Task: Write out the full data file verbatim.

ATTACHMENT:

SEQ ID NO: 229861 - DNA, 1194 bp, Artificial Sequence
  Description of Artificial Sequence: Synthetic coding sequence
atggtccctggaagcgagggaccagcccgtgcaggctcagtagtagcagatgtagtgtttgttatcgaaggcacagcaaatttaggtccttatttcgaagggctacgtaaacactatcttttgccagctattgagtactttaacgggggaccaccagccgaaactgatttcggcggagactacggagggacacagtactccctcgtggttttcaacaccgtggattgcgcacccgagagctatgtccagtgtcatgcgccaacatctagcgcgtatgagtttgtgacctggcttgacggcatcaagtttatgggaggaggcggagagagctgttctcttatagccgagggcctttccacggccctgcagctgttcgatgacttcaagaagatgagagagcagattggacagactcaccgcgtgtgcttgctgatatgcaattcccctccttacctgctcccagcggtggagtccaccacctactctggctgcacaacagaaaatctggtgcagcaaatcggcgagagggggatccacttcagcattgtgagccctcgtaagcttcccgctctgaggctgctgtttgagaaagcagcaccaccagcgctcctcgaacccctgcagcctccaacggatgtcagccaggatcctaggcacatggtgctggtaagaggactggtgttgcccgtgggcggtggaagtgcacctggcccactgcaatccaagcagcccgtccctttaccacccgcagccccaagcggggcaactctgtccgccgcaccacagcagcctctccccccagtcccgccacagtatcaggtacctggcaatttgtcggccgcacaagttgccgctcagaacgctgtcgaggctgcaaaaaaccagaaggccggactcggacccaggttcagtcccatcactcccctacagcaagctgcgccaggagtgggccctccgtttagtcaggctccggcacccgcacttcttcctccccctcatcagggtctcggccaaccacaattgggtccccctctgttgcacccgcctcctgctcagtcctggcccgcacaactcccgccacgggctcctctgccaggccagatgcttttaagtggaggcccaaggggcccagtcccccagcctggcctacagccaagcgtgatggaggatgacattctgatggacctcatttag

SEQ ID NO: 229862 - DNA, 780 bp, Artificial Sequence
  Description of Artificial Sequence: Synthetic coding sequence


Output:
SEQ ID NO: 229861 - DNA, 1194 bp, Artificial Sequence
  Description of Artificial Sequence: Synthetic coding sequence
atggtccctggaagcgagggaccagcccgtgcaggctcagtagtagcagatgtagtgtttgttatcgaaggcacagcaaatttaggtccttatttcgaagggctacgtaaacactatcttttgccagctattgagtactttaacgggggaccaccagccgaaactgatttcggcggagactacggagggacacagtactccctcgtggttttcaacaccgtggattgcgcacccgagagctatgtccagtgtcatgcgccaacatctagcgcgtatgagtttgtgacctggcttgacggcatcaagtttatgggaggaggcggagagagctgttctcttatagccgagggcctttccacggccctgcagctgttcgatgacttcaagaagatgagagagcagattggacagactcaccgcgtgtgcttgctgatatgcaattcccctccttacctgctcccagcggtggagtccaccacctactctggctgcacaacagaaaatctggtgcagcaaatcggcgagagggggatccacttcagcattgtgagccctcgtaagcttcccgctctgaggctgctgtttgagaaagcagcaccaccagcgctcctcgaacccctgcagcctccaacggatgtcagccaggatcctaggcacatggtgctggtaagaggactggtgttgcccgtgggcggtggaagtgcacctggcccactgcaatccaagcagcccgtccctttaccacccgcagccccaagcggggcaactctgtccgccgcaccacagcagcctctccccccagtcccgccacagtatcaggtacctggcaatttgtcggccgcacaagttgccgctcagaacgctgtcgaggctgcaaaaaaccagaaggccggactcggacccaggttcagtcccatcactcccctacagcaagctgcgccaggagtgggccctccgtttagtcaggctccggcacccgcacttcttcctccccctcatcagggtctcggccaaccacaattgggtccccctctgttgcacccgcctcctgctcagtcctggcccgcacaactcccgccacgggctcctctgccaggccagatgcttttaagtggaggcccaaggggcccagtcccccagcctggcctacagccaagcgtgatggaggatgacattctgatggacctcatttag

SEQ ID NO: 229862 - DNA, 780 bp, Artificial Sequence
  Description of Artificial Sequence: Synthetic coding sequence